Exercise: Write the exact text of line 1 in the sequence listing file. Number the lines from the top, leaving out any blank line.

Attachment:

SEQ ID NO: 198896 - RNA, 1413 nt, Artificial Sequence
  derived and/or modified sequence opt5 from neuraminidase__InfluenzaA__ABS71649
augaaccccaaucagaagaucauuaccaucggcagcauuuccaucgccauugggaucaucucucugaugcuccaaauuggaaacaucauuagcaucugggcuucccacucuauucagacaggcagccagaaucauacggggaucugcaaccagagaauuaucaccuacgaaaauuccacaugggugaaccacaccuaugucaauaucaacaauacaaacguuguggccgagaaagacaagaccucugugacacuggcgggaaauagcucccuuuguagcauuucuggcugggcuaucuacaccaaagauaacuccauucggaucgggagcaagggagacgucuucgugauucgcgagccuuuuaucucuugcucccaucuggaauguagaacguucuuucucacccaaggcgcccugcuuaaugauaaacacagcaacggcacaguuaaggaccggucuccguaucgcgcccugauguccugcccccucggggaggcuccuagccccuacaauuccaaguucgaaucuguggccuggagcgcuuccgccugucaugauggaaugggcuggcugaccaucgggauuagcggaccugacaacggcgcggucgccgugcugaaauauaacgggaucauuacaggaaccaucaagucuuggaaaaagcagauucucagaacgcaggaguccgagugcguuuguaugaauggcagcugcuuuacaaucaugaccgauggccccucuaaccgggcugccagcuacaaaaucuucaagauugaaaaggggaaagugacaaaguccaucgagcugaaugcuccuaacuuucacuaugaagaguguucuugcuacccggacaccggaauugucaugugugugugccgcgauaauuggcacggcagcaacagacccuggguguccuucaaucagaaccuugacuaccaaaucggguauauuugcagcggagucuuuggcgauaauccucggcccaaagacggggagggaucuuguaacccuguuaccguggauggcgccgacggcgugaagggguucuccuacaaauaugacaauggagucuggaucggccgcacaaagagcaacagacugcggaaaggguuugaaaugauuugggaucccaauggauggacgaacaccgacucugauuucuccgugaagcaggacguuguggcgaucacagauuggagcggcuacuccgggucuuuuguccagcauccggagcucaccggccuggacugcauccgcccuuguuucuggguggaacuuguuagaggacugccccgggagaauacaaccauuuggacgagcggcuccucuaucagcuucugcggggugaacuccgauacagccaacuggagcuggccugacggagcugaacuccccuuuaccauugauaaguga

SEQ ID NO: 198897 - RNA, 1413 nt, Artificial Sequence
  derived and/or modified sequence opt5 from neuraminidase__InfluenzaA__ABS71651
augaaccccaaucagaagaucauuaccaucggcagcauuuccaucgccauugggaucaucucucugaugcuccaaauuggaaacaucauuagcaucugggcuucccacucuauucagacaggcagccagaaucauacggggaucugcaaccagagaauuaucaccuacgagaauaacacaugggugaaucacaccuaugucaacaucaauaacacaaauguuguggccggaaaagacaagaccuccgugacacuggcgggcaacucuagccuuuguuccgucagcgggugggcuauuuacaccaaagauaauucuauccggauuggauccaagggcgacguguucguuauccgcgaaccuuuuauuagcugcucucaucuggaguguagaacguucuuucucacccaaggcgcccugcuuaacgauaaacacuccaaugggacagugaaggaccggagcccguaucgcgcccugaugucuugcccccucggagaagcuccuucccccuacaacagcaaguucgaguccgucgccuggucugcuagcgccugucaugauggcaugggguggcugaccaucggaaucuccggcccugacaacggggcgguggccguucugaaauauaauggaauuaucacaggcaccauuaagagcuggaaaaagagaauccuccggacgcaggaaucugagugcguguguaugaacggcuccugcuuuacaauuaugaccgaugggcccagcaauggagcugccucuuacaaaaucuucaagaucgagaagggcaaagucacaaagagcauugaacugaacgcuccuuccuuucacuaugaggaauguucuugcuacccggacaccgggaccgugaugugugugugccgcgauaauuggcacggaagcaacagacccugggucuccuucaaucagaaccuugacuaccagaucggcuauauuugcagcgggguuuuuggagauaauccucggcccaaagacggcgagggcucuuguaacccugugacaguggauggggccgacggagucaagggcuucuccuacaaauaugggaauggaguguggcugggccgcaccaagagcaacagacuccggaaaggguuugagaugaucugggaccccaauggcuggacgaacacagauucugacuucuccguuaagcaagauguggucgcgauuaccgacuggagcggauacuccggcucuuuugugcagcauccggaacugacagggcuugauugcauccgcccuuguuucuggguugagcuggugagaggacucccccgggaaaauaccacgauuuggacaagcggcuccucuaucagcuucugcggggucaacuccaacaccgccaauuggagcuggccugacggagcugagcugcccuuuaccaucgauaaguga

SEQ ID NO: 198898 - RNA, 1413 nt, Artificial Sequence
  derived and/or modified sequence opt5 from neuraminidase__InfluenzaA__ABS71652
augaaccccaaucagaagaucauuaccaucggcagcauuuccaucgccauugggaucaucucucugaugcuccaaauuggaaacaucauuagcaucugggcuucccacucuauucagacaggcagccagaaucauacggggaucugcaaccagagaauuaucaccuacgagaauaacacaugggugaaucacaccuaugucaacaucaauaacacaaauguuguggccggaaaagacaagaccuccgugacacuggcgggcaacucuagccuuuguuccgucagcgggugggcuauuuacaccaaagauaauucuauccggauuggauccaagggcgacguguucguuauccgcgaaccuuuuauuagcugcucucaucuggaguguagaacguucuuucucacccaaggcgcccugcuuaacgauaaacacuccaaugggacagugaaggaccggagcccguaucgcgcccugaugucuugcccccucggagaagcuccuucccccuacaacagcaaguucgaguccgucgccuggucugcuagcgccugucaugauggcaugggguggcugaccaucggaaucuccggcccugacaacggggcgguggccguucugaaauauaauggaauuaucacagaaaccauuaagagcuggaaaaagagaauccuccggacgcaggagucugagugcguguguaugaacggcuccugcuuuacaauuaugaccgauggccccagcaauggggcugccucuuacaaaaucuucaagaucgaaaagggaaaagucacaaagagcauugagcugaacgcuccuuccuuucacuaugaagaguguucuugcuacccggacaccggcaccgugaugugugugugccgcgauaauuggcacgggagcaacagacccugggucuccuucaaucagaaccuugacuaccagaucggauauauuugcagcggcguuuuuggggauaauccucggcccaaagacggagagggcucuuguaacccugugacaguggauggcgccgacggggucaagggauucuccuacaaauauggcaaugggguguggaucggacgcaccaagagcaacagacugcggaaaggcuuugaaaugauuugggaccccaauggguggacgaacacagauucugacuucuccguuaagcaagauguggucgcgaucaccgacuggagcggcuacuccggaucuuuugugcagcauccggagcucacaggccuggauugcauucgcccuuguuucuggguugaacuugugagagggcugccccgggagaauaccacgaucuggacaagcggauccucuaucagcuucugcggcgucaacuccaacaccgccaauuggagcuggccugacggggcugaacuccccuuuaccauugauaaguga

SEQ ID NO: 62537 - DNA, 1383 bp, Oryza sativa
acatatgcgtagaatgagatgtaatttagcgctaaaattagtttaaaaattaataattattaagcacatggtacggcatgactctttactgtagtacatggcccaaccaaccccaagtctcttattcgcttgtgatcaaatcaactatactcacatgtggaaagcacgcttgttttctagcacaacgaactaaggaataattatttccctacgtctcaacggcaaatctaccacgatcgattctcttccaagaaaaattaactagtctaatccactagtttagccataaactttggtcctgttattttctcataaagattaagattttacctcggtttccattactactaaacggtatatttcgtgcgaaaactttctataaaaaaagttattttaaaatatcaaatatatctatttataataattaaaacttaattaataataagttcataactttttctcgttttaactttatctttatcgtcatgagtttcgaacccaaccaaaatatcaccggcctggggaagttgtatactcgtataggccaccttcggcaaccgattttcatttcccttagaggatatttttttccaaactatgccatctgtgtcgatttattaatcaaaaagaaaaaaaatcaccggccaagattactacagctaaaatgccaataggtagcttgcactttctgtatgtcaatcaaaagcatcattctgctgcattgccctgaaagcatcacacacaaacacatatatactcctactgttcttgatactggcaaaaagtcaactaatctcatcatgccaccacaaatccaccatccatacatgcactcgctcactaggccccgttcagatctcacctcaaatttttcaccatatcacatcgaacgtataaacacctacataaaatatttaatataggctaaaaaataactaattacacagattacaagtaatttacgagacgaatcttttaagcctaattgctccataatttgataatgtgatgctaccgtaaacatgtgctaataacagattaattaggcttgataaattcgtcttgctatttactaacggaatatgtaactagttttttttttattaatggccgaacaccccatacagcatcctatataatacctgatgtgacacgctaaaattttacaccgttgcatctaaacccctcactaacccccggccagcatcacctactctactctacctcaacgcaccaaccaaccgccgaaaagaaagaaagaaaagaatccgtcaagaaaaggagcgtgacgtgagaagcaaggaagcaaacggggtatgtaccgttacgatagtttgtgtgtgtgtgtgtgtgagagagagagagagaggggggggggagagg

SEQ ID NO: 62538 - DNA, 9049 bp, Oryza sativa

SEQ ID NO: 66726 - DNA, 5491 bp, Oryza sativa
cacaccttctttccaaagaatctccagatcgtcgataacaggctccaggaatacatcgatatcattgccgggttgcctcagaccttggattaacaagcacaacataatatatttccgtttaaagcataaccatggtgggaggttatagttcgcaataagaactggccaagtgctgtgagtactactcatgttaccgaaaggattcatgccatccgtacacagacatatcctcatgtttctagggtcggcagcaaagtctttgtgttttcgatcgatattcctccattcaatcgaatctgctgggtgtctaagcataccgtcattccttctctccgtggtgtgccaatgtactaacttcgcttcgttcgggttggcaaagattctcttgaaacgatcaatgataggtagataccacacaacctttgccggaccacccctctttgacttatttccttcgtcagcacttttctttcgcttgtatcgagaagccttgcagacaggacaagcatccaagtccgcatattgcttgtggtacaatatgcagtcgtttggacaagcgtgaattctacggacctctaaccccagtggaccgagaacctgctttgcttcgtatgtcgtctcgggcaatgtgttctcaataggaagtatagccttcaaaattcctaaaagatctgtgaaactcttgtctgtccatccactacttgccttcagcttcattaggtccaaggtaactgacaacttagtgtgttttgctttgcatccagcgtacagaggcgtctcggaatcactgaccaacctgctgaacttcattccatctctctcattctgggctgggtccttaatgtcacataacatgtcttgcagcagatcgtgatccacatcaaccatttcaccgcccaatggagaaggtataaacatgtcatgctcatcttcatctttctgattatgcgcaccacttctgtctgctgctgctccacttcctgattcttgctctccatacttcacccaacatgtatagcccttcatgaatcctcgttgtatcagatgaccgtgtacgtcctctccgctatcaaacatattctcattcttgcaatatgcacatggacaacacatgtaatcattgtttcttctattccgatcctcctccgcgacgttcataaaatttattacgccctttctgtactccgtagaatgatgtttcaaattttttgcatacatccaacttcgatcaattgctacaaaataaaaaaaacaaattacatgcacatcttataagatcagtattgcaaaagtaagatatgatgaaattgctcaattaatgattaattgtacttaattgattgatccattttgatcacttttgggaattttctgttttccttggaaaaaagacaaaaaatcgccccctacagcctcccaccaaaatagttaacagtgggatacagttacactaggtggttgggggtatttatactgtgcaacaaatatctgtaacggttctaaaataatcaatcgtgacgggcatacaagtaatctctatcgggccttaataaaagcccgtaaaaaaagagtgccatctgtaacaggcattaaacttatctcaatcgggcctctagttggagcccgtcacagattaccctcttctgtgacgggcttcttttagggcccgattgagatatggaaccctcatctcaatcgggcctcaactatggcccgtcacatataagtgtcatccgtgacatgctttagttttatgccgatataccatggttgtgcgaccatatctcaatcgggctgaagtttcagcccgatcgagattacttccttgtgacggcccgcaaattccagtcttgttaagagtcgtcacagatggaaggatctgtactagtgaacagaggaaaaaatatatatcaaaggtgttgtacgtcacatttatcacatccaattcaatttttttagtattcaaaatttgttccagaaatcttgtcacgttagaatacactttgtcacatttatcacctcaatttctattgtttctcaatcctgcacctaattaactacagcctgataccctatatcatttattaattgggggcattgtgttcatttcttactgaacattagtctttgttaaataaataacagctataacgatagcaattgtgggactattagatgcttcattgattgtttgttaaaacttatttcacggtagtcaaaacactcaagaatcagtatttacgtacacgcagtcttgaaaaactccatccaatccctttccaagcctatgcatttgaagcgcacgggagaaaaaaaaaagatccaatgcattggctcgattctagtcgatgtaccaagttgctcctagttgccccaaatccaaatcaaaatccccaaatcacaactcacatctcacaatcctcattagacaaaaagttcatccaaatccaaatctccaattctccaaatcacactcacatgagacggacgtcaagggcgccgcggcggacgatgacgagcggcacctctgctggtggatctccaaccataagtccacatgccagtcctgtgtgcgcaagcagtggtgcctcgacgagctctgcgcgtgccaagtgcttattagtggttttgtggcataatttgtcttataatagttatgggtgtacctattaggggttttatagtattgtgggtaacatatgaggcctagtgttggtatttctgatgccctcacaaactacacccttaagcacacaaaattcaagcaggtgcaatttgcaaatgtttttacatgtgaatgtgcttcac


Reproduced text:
SEQ ID NO: 198896 - RNA, 1413 nt, Artificial Sequence